- Greg Stokes (term expires 2013)
- Ward 5
- Linda Reynolds (term expires 2011)
- Martha Derda (term expires 2013)
Since Broomfield used to be divided among four counties, students living in the city were serviced by the appropriate school for their county. Even though the city is now united within one county, students attend the same schools they would have attended if county boundaries had remained the same.
The main school districts in Broomfield are Adams Twelve Five Star Schools and Boulder Valley School District.
Broomfield features two large public high schools (Broomfield High School, currently being remodeled, and Legacy High), two public middle schools and eight public elementary schools. There are three private schools: Broomfield Academy, with an academic preschool, an elementary school and a middle school for ages 3–14; Holy Family, a Catholic high school; and Nativity of Our Lord Parish, a Catholic elementary school. Broomfield also contains a K-12 charter school, Front Range Academy, which has two Broomfield campuses.
Sister cities/twin towns
Broomfield has two sister cities, as designated by Sister Cities International:
- Broomfield and Kingswood, Kent, United Kingdom
- Ueda, Nagano Prefecture, Japan (became a sister city after the former town of Maruko became part of the new city of Ueda on March 6, 2006)
- State of Colorado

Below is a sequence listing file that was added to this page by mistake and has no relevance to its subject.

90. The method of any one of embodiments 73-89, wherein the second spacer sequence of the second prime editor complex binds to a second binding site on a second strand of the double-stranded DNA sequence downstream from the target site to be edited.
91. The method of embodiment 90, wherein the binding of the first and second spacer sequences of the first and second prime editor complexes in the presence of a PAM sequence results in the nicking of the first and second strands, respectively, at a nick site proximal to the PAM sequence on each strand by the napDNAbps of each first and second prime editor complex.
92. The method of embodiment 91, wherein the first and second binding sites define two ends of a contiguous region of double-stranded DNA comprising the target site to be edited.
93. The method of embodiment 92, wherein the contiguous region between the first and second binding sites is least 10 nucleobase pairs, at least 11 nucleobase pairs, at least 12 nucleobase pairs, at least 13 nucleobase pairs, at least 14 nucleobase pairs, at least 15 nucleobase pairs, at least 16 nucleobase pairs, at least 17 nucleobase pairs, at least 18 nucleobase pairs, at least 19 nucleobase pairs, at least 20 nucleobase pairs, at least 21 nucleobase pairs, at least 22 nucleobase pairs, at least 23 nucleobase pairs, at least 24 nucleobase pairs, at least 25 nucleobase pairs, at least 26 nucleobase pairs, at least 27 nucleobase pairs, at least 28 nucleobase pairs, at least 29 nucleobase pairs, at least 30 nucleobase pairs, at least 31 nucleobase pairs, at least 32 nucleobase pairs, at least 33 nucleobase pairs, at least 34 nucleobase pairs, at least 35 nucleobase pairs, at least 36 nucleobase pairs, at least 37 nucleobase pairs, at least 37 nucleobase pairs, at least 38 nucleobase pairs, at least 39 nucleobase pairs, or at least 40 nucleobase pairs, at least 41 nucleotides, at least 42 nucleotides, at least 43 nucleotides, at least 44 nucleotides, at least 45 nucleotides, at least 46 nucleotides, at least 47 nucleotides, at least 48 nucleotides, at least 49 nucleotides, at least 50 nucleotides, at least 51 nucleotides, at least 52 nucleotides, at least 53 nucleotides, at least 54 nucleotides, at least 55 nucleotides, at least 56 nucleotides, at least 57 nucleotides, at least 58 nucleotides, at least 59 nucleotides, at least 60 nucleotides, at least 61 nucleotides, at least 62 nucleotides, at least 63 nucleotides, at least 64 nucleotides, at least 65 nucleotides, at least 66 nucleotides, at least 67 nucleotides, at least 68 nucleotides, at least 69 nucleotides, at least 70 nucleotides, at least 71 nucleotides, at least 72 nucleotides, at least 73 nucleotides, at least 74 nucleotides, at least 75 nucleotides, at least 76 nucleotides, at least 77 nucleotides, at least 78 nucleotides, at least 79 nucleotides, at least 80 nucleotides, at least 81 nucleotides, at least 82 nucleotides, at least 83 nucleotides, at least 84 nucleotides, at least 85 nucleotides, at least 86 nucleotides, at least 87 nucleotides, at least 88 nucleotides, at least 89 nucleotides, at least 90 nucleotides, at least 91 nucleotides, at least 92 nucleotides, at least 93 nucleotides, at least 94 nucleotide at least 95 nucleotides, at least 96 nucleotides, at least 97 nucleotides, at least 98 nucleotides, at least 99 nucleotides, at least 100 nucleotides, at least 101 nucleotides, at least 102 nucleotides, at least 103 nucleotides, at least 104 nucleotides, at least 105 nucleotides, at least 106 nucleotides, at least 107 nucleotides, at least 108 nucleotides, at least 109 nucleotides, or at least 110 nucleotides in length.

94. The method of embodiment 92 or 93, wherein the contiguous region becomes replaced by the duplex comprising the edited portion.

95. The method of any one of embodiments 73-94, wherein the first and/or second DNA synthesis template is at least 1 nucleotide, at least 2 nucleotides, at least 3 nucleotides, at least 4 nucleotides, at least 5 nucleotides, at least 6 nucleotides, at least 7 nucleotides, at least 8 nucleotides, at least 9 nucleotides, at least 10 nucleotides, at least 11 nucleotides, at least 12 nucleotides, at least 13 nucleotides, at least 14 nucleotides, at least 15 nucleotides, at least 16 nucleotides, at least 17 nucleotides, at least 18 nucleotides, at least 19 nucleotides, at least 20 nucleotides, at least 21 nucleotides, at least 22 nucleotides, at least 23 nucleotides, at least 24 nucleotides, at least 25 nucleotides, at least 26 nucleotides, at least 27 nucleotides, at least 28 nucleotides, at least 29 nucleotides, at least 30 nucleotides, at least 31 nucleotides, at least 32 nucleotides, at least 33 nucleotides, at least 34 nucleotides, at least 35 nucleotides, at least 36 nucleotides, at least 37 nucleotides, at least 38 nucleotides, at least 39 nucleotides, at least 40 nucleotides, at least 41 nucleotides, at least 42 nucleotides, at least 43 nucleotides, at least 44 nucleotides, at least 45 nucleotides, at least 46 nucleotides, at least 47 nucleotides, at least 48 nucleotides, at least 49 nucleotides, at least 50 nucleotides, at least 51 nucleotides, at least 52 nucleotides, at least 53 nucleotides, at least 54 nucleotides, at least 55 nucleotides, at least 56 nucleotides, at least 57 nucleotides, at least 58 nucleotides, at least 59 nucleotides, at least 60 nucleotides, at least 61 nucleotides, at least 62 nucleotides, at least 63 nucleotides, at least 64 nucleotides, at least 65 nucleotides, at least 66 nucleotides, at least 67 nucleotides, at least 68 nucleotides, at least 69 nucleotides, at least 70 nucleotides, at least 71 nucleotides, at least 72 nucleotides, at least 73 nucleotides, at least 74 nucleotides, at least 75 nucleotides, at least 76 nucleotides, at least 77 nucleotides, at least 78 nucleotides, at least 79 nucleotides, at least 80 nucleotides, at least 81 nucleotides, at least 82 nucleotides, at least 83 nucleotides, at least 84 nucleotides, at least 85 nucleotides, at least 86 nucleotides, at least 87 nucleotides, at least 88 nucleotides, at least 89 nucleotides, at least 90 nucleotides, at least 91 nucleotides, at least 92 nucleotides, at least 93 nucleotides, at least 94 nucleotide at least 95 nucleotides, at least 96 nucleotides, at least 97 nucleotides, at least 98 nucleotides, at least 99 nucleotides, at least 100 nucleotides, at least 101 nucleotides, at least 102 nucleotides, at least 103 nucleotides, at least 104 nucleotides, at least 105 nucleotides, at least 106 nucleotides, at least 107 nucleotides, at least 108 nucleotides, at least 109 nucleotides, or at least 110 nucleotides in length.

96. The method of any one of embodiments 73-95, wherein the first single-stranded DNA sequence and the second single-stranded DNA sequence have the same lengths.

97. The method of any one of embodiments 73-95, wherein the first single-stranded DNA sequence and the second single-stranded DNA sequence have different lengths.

- United States Government
- Rocky Flats National Wildlife Refuge
- ^ "Colorado Municipal Incorporations". State of Colorado, Department of Personnel & Administration, Colorado State Archives. 2004-12-01. http://www.colorado.gov/dpa/doit/archives/muninc.html. Retrieved 2007-09-02.
- ^ "Active Colorado Municipalities". State of Colorado, Department of Local Affairs. http://www.dola.state.co.us/dlg/local_governments/municipalities.html. Retrieved 2007-09-01.
- ^ "City & County of Broomfield: Community". City & County of Broomfield. http://www.ci.broomfield.co.us/community.shtml. Retrieved 2007-08-02.
- ^ a b "2010 Census Redistricting Data (Public Law 94-171) Summary File, Colorado" (CSV). 2010 Census Redistricting Data. United States Census Bureau, Population Division. http://www2.census.gov/census_2010/01-Redistricting_File--PL_94-171/Colorado/co2010.pl.zip. Retrieved 2011-04-03.
- ^ "Geographical Names Information System Search Result". United States Geological Survey. http://geonames.usgs.gov/pls/gnispublic/f?p=gnispq:3:4024066959192403::NO::P3_FID:1945881. Retrieved 2010-09-23.
- ^ "US Gazetteer files: 2010, 2000, and 1990". United States Census Bureau. 2011-02-12. http://www.census.gov/geo/www/gazetteer/gazette.html. Retrieved 2011-04-23.
- ^ Weather.com—. Retrieved 31 July 2010.
- ^ "American FactFinder". United States Census Bureau. http://factfinder.census.gov. Retrieved 2008-01-31.
- ^ http://factfinder.census.gov/servlet/ACSSAFFFacts?_event=Search&geo_id=16000US0449360&_geoContext=01000US%7C04000US04%7C16000US0449360&_street=&_county=broomfield&_cityTown=broomfield&_state=04000US08&_zip=&_lang=en&_sse=on&ActiveGeoDiv=geoSelect&_useEV=&pctxt=fph&pgsl=160&_submenuId=factsheet_1&ds_name=ACS_2007_3YR_SAFF&_ci_nbr=null&qr_name=null®=null%3Anull&_keyword=&_industry=
- ^ BEDC website
- City and County of Broomfield website
- Broomfield Chamber of Commerce
- Birth of a City 1950s-era video promoting Broomfield
- Colorado Historical Society
Wikimedia Foundation. 2010.